By Tom Kleckner
American Electric Power said last week it will focus on smaller projects after Texas regulators put the kibosh on the company’s proposed $4.5 billion Wind Catcher project.
“We’re looking at obviously smaller segments, smaller wind farms with smaller transmission, multiple areas,” CEO Nick Akins told financial analysts during the company’s third-quarter earnings call on Oct. 25. “That’s one of the lessons learned.”
AEP canceled the massive project — which would have included a 2-GW wind farm in the Oklahoma Panhandle and a 360-mile, 765-kV transmission line — the day after the Texas Public Utility Commission rejected its application in July. (See AEP Cancels Wind Catcher Following Texas Rejection.)
Akins promised analysts they would see resource plans developed around renewables, storage and natural gas. The Columbus, Ohio-based company said in February that it wanted to reduce carbon dioxide emissions from 2000 levels by 80% by 2050.
“It will be smaller capacity segments focused on various jurisdictions, and we’ve already started that process,” Akins said.
AEP reported third-quarter earnings of $578 million ($1.17/share), compared to $545 million ($1.11/share) a year ago.
The company increased and narrowed its 2018 operating earnings guidance to $3.88 to $3.98/share, from $3.75 to $3.95/share. Akins said AEP’s projected growth rate of 5 to 7% annually was not “predicated on Wind Catcher” and it remains unchanged.
On a tumultuous week that saw the S&P 500 index lose the remainder of its 2018 gains, AEP shares finished at $72.74/share, a drop of $2.81 (3.7%) from its Oct. 24 close before reporting earnings.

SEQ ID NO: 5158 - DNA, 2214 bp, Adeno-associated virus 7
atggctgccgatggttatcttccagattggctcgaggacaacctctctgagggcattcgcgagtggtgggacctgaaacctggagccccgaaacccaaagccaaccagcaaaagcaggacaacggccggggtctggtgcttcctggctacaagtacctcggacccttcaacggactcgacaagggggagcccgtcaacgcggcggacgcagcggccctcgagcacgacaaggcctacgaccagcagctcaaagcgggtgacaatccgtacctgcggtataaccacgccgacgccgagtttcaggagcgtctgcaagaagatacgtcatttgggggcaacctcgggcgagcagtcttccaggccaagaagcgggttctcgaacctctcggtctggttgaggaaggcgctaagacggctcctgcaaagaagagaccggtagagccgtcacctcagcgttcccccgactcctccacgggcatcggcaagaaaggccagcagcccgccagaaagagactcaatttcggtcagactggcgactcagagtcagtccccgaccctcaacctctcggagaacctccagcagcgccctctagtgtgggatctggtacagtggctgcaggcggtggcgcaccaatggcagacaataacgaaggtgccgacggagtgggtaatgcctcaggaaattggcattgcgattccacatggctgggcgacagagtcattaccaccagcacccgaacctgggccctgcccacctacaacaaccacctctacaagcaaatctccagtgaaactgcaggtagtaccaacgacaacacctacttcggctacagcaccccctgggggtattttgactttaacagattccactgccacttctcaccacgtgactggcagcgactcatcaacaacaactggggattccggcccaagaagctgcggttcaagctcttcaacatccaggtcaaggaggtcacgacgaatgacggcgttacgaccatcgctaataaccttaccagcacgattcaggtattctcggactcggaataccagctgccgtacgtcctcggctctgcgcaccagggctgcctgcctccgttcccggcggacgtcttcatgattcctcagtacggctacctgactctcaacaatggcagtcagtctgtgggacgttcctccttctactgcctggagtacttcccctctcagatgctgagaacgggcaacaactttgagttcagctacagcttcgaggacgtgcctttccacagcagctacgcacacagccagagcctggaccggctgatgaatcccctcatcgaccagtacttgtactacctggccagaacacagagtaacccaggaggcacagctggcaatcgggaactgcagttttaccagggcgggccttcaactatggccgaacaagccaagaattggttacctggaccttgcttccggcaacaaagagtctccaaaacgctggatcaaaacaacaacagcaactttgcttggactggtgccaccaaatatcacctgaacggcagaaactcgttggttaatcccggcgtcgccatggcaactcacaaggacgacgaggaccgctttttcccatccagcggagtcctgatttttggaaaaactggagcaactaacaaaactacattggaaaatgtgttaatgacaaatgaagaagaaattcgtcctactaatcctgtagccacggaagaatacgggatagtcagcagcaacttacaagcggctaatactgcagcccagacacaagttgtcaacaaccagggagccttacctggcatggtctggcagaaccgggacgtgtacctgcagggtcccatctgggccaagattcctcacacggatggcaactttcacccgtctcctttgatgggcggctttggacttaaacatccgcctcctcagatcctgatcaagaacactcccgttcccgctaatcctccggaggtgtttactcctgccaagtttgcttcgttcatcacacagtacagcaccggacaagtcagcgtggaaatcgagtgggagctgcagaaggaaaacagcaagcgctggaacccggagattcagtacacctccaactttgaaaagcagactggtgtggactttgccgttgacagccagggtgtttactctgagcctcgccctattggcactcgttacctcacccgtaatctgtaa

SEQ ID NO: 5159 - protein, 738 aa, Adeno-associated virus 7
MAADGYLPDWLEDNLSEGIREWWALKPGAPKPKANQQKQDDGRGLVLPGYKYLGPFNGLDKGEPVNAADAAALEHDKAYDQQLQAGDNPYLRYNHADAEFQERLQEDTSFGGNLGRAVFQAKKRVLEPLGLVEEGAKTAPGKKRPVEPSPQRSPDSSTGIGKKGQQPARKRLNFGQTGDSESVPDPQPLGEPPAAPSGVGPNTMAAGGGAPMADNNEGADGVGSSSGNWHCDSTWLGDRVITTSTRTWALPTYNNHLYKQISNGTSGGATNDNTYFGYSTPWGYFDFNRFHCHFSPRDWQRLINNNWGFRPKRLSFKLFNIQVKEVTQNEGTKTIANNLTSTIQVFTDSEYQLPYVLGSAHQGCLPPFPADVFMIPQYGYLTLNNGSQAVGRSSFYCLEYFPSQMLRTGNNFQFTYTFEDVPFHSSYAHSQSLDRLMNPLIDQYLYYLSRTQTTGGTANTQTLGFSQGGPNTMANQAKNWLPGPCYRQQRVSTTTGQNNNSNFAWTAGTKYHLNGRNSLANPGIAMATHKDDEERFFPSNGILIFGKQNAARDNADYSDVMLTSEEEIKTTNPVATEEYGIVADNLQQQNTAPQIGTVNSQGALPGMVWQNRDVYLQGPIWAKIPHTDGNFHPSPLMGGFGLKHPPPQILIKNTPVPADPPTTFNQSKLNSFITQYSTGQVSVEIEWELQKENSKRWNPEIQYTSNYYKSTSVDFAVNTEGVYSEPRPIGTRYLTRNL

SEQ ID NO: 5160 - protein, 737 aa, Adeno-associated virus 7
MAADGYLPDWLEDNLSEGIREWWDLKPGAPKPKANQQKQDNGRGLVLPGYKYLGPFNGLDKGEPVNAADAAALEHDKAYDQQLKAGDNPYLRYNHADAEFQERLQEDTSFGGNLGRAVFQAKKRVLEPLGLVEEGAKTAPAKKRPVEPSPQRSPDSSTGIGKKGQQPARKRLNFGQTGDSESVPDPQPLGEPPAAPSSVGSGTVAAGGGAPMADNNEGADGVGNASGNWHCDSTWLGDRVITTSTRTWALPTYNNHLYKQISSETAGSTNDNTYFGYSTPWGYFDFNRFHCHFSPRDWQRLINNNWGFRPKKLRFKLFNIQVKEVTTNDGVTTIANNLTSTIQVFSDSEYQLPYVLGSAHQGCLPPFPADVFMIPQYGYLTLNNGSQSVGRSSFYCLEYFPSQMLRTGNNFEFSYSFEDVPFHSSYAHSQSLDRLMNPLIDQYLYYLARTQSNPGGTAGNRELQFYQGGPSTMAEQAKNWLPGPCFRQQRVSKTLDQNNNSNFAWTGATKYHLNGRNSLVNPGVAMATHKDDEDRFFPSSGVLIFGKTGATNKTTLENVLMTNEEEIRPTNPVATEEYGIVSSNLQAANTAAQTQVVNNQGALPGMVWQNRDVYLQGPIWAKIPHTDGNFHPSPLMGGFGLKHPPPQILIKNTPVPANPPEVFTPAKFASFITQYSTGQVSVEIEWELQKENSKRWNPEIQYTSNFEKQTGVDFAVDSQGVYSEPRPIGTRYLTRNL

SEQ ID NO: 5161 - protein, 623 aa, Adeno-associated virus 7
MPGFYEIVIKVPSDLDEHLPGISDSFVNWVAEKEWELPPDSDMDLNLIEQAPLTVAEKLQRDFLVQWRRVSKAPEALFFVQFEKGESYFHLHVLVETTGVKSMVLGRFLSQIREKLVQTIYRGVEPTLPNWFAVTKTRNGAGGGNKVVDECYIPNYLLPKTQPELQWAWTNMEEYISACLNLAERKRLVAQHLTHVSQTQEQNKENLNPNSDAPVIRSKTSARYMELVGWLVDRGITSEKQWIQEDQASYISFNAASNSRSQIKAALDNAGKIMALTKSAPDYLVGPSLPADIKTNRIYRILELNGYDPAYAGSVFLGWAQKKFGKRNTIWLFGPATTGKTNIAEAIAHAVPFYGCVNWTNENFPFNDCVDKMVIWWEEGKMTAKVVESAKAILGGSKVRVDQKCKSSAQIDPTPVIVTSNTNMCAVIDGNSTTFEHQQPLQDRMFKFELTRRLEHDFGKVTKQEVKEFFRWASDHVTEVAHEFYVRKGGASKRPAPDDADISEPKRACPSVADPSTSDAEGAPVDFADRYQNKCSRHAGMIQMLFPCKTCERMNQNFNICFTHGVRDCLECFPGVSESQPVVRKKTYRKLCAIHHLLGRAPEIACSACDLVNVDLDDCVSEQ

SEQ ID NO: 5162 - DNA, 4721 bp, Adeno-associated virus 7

Xcel Energy Just Missed Expectations
Minneapolis-based Xcel Energy announced on Oct. 25 third-quarter earnings of $491 million ($0.96/share) compared with $492 million ($0.97/share) for the same period in 2017.
Xcel just missed analysts’ expectations, as recorded by Zacks Investment Research, of 98 cents/share. The company said higher operations and maintenance expenses partially offset favorable weather conditions and sales growth.
CEO Ben Fowke told analysts that Colorado regulators’ approval of its Colorado Energy Plan provides a “model for how the clean energy transition can occur in the United States.” Under the plan, Xcel’s Colorado subsidiary plans to retire 660 MW of coal generation, replacing it with 1,100 MW of wind power, 700 MW of solar and 275 MW of battery storage.
Share prices were down 3.5% ($1.75/share) in the two days following the earnings announcement, closing at $48.51 on Oct. 26.
NextEra Earnings Up from 2017
NextEra Energy reported third-quarter earnings on Oct. 23 of $1.01 billion or $2.10/share, up from $847 million and $1.79 during 2017’s third quarter.
NextEra CEO Jim Robo said in a statement that the company’s Energy Resources development team expanded its backlog of renewable projects by a record 1.41 GW. NextEra added 850 MW of wind, 447 MW of solar and 120 MW of battery storage projects and expects to have 10 to 16.5 GW of renewable power projects within the 2017-2020 time frame.
The Florida-based company’s stock lost 1.6% of its value following the earnings announcement, ending the week down $2.77/share at $169.89.